Despite snow, students still want to learn
David Ranucci | Daily Kent Stater
Credit: DKS Editors
Pajamas turned inside out. The snow dance. Putting a spoon under the pillow at night.
All of these rituals are designed to make schools close and students stay home from classes. But when school isn’t closed and students still stay home from class those rituals can not only be pointless, but students can also lose valuable opportunities.
Kent State professors note not only is there generally a correlation between bad weather and low attendance, but also between low attendance and poor grades for students.
“There is a big correlation,” said Tom Emmons, professor emeritus of physics. “I do not take attendance every day, but it is taken several times during the semester. At the end of the semester the attendance record of the student is compared with their grade, and there is a big match. The student who has regular attendance definitely will have the higher grade.”
He does note, however, that there are usually higher grades in the spring semester rather than the fall semester. He doesn’t believe this is from any difference in bad weather conditions from one semester to the next, but from more experience with studying and developing good habits.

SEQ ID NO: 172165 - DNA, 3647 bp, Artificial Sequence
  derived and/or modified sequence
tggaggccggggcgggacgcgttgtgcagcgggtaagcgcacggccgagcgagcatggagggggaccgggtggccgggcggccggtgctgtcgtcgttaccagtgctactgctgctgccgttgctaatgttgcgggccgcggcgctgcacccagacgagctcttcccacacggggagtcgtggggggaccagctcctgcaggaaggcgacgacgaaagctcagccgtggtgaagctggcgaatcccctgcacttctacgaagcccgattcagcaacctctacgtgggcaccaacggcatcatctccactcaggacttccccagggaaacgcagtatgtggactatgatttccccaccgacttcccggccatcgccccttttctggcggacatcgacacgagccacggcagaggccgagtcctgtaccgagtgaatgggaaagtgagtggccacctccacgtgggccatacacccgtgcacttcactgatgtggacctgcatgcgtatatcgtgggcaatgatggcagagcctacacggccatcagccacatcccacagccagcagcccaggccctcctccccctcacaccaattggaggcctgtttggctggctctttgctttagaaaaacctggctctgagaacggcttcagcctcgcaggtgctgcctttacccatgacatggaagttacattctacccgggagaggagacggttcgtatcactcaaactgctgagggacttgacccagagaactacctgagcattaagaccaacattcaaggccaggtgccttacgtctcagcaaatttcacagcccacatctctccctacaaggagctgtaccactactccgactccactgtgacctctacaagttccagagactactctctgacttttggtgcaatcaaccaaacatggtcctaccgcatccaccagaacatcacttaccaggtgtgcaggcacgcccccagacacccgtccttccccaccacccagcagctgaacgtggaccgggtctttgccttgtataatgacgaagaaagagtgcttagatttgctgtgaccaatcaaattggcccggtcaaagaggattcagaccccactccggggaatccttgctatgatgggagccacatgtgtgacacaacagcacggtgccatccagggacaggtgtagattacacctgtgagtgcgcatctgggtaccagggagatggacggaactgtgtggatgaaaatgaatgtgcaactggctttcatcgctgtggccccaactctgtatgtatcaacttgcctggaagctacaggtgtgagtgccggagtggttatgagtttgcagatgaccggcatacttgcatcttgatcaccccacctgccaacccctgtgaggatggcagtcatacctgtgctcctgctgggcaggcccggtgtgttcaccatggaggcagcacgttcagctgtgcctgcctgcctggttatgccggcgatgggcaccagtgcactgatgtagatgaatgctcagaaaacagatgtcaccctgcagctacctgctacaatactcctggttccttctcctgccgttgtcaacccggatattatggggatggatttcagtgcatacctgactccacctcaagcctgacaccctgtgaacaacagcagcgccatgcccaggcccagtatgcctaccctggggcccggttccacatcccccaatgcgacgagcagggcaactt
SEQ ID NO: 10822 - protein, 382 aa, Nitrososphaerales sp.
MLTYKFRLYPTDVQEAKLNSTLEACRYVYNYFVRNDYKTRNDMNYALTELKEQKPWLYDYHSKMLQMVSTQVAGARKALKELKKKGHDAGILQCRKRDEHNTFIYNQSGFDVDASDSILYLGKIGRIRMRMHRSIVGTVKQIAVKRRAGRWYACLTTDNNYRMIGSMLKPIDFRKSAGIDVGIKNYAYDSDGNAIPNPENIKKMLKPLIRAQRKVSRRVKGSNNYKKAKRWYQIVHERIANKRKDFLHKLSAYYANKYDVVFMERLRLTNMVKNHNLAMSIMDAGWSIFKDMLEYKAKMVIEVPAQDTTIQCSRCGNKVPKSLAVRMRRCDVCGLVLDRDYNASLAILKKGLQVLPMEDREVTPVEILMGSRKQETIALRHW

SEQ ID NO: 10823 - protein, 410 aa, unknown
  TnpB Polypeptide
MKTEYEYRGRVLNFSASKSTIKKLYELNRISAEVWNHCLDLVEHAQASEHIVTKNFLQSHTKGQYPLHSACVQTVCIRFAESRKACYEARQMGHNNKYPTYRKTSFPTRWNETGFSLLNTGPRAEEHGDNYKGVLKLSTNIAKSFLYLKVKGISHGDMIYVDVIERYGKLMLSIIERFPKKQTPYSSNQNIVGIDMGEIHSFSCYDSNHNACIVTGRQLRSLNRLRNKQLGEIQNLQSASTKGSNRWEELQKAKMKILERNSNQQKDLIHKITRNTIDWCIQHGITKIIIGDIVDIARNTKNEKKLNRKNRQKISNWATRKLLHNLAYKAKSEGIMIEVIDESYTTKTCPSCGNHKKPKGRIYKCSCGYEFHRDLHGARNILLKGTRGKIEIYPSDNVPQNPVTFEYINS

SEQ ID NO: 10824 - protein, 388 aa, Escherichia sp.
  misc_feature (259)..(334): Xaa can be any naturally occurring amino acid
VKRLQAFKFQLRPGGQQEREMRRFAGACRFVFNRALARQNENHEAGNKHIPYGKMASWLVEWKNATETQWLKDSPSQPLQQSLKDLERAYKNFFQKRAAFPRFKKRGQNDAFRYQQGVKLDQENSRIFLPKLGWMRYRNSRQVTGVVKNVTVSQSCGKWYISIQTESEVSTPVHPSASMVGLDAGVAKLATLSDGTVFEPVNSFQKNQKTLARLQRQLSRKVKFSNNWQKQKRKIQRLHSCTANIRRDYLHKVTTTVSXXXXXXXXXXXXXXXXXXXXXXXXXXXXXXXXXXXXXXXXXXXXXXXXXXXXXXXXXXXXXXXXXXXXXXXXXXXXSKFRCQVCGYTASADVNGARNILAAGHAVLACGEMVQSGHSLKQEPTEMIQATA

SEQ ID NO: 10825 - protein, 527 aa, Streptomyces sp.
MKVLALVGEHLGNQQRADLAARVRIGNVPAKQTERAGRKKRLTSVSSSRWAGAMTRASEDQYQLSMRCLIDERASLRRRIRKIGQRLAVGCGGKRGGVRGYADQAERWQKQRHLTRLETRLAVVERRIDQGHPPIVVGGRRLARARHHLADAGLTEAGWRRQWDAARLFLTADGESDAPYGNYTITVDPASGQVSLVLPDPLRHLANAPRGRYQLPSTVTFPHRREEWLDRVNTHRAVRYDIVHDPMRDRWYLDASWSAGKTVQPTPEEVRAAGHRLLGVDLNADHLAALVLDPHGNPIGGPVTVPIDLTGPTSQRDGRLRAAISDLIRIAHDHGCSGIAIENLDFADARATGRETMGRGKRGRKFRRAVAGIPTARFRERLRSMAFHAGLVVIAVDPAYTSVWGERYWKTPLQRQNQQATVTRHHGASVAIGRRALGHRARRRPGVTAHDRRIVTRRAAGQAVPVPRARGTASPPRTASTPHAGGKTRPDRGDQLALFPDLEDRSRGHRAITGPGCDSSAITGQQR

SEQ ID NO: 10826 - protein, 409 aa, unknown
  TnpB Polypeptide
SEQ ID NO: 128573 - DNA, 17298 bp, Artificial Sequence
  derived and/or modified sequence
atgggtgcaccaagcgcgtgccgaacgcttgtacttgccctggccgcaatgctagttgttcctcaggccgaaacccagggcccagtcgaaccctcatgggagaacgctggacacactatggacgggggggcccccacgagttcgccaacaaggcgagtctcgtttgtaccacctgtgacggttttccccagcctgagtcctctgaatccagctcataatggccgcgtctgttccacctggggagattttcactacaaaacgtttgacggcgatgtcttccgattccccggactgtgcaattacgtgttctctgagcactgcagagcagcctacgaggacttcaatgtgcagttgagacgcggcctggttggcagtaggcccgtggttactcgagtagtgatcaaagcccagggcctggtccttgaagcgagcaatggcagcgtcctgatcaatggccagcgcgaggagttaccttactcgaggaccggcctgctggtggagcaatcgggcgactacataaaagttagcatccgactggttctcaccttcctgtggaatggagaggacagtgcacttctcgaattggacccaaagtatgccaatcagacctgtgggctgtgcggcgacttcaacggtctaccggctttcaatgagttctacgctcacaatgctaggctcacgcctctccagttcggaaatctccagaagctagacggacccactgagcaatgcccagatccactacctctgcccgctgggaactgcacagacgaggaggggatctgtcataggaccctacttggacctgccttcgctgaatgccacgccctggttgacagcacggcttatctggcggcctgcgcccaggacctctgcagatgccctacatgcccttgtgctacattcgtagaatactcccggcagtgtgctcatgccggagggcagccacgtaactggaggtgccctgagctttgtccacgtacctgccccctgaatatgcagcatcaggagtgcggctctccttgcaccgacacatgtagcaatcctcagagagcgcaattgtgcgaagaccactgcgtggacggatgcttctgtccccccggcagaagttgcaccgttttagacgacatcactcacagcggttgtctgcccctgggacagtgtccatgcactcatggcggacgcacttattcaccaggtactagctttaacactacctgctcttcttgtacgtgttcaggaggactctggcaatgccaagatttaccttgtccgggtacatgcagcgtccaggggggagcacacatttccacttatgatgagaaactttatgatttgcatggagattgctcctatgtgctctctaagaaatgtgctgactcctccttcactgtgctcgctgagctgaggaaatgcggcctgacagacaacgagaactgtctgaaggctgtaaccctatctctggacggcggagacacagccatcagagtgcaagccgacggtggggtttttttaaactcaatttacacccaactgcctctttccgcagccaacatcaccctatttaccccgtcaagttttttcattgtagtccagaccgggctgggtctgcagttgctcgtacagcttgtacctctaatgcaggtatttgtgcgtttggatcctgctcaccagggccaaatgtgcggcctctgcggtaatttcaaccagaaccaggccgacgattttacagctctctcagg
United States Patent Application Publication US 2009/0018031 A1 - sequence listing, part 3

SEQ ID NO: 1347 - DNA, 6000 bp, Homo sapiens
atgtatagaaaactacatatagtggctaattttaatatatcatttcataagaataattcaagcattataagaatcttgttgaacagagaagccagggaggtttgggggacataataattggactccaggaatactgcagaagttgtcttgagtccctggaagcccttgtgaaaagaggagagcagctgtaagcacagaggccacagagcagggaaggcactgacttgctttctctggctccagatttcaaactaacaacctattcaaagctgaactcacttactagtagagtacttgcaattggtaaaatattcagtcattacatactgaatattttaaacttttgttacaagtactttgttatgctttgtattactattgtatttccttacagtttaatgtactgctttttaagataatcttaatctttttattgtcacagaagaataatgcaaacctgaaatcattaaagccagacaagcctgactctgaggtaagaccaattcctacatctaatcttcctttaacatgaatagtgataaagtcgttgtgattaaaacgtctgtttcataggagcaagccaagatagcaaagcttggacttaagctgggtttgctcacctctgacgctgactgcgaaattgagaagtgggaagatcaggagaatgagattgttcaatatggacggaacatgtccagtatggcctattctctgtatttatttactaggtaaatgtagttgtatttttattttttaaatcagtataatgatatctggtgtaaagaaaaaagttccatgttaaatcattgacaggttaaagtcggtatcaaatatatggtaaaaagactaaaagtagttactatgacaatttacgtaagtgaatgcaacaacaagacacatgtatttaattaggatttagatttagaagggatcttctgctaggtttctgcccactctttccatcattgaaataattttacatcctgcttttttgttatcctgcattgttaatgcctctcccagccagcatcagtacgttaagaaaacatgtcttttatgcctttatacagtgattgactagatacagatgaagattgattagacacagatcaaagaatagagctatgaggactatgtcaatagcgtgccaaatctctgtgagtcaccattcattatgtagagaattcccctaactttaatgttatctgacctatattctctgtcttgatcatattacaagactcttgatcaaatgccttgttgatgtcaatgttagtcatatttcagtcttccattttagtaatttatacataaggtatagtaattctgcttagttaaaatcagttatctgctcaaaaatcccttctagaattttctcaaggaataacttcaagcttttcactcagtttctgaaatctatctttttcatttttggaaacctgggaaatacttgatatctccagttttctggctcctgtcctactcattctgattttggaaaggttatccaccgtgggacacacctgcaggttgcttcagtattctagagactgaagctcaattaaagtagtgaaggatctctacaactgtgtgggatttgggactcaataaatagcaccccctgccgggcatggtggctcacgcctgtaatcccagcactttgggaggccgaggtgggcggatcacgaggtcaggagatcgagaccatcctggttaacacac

Frank Ryan, associate professor and coordinator of graduate studies of philosophy, noted that on bad weather days he receives any number of excuses from students who cannot attend class. These students usually have long commutes or live in the snow belt.
Because he takes attendance every day, Ryan notices that the impact of weather is only minor on overall attendance.
Ruth Leslie, assistant professor of chemistry, agreed there are fewer students who come to class in bad weather or extreme cold. However, she notes that normally only half the students attend class Fridays, regardless of the weather conditions.
“Certainly grades are routinely higher for students who attend regularly,” said Leslie.
The cold weather though isn’t the only weather that seems to have an effect on students though, geography instructor Aaron Burkle said. He said that rainy or poor weather in general hurts attendance rates. In the fall, Burkle taught a class that had an average 40 percent attendance rate in bad weather or was on Fridays.
As northeast Ohio is no stranger to bad weather year round, Burkle notes there is no real difference in attendance rates from the fall to spring semesters or for grades for that matter. However, the one general trend is “go to class, or your grades will suffer.”
He said that those students who do skip classes during bad weather are also more likely to skip under normal circumstances.
“The students who come to class regularly are less likely to skip even when the weather is bad,” said Burkle.
Barbara Hugenberg, assistant professor of communication studies, agreed with Burkle. She notes some students are extremely dedicated to their classes and attendance.
“Sometimes it seems that students will risk driving roads from a distance to campus that I wouldn’t even risk,” said Hugenberg. “I’m impressed by their dedication, actually.”
Contact general assignment reporter Kristine Philips at [email protected]